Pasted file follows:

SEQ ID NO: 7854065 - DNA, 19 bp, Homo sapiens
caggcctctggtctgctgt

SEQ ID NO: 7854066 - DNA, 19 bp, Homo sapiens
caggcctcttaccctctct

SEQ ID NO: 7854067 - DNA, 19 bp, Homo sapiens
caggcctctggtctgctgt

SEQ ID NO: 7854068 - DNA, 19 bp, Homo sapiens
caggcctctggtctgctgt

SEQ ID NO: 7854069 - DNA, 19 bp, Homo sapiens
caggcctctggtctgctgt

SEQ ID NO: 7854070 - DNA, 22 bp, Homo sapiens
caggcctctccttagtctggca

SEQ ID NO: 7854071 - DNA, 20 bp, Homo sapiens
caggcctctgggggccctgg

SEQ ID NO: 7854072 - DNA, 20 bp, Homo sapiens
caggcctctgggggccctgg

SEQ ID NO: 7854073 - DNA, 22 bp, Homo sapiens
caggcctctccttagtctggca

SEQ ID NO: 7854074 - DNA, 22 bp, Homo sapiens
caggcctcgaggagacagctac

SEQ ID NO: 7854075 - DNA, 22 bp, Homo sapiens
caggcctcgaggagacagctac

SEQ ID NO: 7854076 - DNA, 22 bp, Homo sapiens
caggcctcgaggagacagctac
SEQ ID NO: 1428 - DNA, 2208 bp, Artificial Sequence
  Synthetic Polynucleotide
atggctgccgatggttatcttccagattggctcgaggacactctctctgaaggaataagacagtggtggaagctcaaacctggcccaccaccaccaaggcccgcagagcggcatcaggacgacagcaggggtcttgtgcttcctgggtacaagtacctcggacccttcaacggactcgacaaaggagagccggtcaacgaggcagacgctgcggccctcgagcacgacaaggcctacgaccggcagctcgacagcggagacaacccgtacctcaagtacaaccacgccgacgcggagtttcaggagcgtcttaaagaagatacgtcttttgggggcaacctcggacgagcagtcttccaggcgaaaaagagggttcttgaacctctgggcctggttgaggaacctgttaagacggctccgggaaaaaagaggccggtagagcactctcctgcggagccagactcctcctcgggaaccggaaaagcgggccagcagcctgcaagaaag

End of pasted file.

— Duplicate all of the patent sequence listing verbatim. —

SEQ ID NO: 7854065 - DNA, 19 bp, Homo sapiens
caggcctctggtctgctgt

SEQ ID NO: 7854066 - DNA, 19 bp, Homo sapiens
caggcctcttaccctctct

SEQ ID NO: 7854067 - DNA, 19 bp, Homo sapiens
caggcctctggtctgctgt

SEQ ID NO: 7854068 - DNA, 19 bp, Homo sapiens
caggcctctggtctgctgt

SEQ ID NO: 7854069 - DNA, 19 bp, Homo sapiens
caggcctctggtctgctgt

SEQ ID NO: 7854070 - DNA, 22 bp, Homo sapiens
caggcctctccttagtctggca

SEQ ID NO: 7854071 - DNA, 20 bp, Homo sapiens
caggcctctgggggccctgg

SEQ ID NO: 7854072 - DNA, 20 bp, Homo sapiens
caggcctctgggggccctgg

SEQ ID NO: 7854073 - DNA, 22 bp, Homo sapiens
caggcctctccttagtctggca

SEQ ID NO: 7854074 - DNA, 22 bp, Homo sapiens
caggcctcgaggagacagctac

SEQ ID NO: 7854075 - DNA, 22 bp, Homo sapiens
caggcctcgaggagacagctac

SEQ ID NO: 7854076 - DNA, 22 bp, Homo sapiens
caggcctcgaggagacagctac
SEQ ID NO: 1428 - DNA, 2208 bp, Artificial Sequence
  Synthetic Polynucleotide
atggctgccgatggttatcttccagattggctcgaggacactctctctgaaggaataagacagtggtggaagctcaaacctggcccaccaccaccaaggcccgcagagcggcatcaggacgacagcaggggtcttgtgcttcctgggtacaagtacctcggacccttcaacggactcgacaaaggagagccggtcaacgaggcagacgctgcggccctcgagcacgacaaggcctacgaccggcagctcgacagcggagacaacccgtacctcaagtacaaccacgccgacgcggagtttcaggagcgtcttaaagaagatacgtcttttgggggcaacctcggacgagcagtcttccaggcgaaaaagagggttcttgaacctctgggcctggttgaggaacctgttaagacggctccgggaaaaaagaggccggtagagcactctcctgcggagccagactcctcctcgggaaccggaaaagcgggccagcagcctgcaagaaag